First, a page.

No evidence for triose phosphate limitation of light‐saturated leaf photosynthesis under current atmospheric CO2 concentration
|No evidence for triose phosphate limitation of light‐saturated leaf photosynthesis under current atmospheric CO2 concentration
|Year of Publication
|Kumarathunge, Dushan P., B.E Medlyn, J.E. Drake, A. Rogers, and M.G. Tjoelker
|Plant, Cell & Environment
|3241 - 3252
|ACi curves, C3 Photosynthesis, maximum carboxylation capacity, potential electron transport rate, temperature, terrestrial biosphere models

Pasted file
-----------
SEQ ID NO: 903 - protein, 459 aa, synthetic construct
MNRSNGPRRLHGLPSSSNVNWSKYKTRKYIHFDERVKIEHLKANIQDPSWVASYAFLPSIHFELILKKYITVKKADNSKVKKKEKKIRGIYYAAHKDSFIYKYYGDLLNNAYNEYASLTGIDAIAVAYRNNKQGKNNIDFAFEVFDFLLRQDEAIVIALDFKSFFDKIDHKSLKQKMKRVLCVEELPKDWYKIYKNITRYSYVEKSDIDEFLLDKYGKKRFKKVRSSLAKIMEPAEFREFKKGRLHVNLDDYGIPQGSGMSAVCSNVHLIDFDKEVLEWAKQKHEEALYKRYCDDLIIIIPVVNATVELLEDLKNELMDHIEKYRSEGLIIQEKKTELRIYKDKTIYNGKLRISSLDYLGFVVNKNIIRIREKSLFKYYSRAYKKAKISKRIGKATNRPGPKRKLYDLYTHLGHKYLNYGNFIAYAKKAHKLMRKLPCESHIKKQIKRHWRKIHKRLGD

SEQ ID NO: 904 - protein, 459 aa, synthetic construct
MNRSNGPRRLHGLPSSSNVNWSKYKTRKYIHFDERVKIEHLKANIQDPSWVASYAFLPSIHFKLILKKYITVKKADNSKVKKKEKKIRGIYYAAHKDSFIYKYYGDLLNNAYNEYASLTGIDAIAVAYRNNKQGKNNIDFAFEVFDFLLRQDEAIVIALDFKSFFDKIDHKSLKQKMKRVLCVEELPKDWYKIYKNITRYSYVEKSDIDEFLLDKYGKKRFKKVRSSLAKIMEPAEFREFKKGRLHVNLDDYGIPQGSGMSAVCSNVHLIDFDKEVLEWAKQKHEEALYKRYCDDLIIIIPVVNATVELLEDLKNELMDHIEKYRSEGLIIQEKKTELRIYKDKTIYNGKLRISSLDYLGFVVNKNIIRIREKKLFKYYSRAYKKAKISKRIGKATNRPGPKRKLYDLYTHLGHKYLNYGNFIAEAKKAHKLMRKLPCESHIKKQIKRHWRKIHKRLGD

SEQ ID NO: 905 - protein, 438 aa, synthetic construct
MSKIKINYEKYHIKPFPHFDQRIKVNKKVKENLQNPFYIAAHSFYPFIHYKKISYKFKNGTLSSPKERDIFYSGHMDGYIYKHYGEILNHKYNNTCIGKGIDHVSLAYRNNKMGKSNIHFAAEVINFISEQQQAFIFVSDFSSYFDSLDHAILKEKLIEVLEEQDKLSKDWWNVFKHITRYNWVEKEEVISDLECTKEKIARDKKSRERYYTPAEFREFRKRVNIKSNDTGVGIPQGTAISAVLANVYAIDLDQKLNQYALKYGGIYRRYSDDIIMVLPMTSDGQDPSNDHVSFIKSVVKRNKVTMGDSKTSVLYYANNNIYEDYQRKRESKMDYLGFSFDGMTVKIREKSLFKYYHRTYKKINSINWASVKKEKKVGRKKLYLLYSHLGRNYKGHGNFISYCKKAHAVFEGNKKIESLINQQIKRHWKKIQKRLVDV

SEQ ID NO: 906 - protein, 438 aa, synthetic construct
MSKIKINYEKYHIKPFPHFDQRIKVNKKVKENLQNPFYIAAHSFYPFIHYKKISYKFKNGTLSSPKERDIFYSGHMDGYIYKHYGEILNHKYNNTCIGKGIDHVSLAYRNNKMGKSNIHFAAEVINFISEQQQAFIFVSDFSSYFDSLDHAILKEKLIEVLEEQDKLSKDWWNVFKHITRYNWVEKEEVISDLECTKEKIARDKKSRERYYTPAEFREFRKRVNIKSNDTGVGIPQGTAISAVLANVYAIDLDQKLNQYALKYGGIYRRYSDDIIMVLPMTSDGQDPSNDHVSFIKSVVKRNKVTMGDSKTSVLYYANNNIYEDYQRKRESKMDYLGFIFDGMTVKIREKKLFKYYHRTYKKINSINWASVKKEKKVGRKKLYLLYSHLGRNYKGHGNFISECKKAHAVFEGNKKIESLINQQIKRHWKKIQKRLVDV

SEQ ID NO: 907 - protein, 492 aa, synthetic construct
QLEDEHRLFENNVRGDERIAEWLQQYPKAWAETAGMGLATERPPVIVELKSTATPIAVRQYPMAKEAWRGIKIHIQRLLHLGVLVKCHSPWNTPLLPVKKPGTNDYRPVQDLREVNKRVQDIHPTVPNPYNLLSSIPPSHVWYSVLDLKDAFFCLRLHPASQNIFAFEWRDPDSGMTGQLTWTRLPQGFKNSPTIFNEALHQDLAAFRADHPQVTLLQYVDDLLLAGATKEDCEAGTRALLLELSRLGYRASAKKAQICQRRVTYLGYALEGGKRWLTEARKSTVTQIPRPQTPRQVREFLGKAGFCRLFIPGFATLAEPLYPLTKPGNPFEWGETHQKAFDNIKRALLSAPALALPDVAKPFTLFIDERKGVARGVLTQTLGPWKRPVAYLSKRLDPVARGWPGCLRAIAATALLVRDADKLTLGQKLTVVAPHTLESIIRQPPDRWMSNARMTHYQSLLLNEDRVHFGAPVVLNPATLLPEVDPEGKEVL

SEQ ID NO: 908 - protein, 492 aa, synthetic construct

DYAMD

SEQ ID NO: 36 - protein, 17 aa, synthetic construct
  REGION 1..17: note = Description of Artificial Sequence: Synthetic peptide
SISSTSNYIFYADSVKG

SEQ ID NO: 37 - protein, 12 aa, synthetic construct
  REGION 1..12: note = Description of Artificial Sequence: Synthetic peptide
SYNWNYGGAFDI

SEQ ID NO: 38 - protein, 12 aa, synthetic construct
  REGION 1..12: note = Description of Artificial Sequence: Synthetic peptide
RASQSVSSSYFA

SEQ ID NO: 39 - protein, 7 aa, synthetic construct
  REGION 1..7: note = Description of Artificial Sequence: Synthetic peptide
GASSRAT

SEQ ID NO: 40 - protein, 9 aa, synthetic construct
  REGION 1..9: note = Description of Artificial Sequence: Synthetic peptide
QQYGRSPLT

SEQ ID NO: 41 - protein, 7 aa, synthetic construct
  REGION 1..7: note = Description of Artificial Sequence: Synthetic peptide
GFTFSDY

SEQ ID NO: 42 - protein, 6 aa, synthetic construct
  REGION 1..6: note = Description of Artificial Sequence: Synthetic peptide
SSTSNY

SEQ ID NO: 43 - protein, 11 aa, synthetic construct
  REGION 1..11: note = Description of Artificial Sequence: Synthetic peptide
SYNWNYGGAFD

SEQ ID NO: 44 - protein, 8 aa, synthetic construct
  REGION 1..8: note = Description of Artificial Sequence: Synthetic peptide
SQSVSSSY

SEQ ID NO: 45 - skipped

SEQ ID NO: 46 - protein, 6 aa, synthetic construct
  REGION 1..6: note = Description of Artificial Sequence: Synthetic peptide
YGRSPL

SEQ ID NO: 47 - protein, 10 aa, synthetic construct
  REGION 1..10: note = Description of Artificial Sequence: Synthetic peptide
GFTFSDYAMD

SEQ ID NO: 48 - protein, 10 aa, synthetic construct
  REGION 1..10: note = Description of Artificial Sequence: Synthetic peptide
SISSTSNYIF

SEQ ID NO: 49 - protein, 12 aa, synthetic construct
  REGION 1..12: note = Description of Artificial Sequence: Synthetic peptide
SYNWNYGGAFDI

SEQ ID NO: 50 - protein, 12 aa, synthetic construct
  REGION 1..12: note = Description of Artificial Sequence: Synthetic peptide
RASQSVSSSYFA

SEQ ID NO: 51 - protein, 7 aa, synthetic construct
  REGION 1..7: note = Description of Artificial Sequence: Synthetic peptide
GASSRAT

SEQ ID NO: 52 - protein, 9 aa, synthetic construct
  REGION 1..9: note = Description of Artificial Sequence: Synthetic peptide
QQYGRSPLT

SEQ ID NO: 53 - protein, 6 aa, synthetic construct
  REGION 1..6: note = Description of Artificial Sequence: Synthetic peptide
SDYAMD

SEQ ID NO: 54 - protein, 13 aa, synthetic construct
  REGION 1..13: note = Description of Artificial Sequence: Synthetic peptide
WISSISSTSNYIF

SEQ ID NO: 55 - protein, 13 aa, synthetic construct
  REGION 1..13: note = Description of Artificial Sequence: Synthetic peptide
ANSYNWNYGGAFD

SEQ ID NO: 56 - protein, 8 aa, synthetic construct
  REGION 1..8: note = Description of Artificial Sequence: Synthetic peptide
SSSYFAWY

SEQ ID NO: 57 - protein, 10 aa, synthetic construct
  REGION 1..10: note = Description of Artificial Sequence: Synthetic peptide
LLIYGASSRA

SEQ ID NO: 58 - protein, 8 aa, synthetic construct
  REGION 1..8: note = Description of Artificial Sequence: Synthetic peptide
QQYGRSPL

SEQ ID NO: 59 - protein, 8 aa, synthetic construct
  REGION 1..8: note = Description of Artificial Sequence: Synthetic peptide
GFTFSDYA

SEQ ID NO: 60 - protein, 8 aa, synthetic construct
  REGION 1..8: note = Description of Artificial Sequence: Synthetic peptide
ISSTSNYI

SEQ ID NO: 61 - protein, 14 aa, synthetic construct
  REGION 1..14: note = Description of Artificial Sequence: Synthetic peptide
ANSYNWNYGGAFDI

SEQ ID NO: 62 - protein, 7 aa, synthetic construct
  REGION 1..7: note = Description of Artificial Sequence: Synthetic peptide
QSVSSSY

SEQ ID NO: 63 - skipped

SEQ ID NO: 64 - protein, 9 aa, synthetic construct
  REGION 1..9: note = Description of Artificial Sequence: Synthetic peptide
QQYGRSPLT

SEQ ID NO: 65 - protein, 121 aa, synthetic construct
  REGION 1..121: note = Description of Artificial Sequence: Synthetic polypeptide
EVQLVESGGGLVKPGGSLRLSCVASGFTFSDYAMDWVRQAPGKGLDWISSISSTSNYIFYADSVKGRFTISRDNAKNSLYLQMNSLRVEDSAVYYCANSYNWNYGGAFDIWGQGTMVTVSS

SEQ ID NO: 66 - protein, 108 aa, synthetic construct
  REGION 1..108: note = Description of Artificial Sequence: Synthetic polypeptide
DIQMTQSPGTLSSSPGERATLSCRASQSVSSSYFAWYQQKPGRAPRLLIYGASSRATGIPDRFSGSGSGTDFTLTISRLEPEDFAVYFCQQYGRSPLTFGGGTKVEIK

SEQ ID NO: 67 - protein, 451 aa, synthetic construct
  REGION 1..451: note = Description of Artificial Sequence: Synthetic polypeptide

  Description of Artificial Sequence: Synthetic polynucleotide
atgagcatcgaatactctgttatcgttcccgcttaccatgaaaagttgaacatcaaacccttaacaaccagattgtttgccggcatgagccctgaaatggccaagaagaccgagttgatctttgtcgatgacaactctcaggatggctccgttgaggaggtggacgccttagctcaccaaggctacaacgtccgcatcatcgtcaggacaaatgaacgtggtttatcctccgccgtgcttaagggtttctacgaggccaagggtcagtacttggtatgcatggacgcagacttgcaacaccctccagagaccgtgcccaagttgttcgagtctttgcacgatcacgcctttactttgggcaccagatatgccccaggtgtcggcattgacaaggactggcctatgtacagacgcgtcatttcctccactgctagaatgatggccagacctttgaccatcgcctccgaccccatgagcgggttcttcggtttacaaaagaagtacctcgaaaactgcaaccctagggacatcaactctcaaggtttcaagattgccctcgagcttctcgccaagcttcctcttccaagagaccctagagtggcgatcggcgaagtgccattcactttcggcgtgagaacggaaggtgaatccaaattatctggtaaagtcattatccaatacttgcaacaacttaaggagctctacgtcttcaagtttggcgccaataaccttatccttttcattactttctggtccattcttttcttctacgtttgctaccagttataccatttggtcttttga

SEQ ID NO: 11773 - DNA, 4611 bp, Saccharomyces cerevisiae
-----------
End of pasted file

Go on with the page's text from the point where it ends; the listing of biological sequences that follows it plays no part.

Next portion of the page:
The triose phosphate utilization (TPU) rate has been identified as one of the processes that can limit terrestrial plant photosynthesis. However, we lack a robust quantitative assessment of TPU limitation of photosynthesis at the global scale. As a result, TPU, and its potential limitation of photosynthesis, is poorly represented in terrestrial biosphere models (TBMs). In this study, we utilized a global data set of photosynthetic CO2 response curves representing 141 species from tropical rainforests to Arctic tundra. We quantified TPU by fitting the standard biochemical model of C3 photosynthesis to measured photosynthetic CO2 response curves and characterized its instantaneous temperature response. Our results demonstrate that TPU does not limit leaf photosynthesis at the current ambient atmospheric CO2 concentration. Furthermore, our results showed that the light‐saturated photosynthetic rates of plants growing in cold environments are not more often limited by TPU than those of plants growing in warmer environments. In addition, our study showed that the instantaneous temperature response of TPU is distinct from temperature response of the maximum rate of Rubisco carboxylation. The new formulations of the temperature response of TPU derived in this study may prove useful in quantifying the biochemical limits to terrestrial plant photosynthesis and improve the representation of plant photosynthesis in TBMs.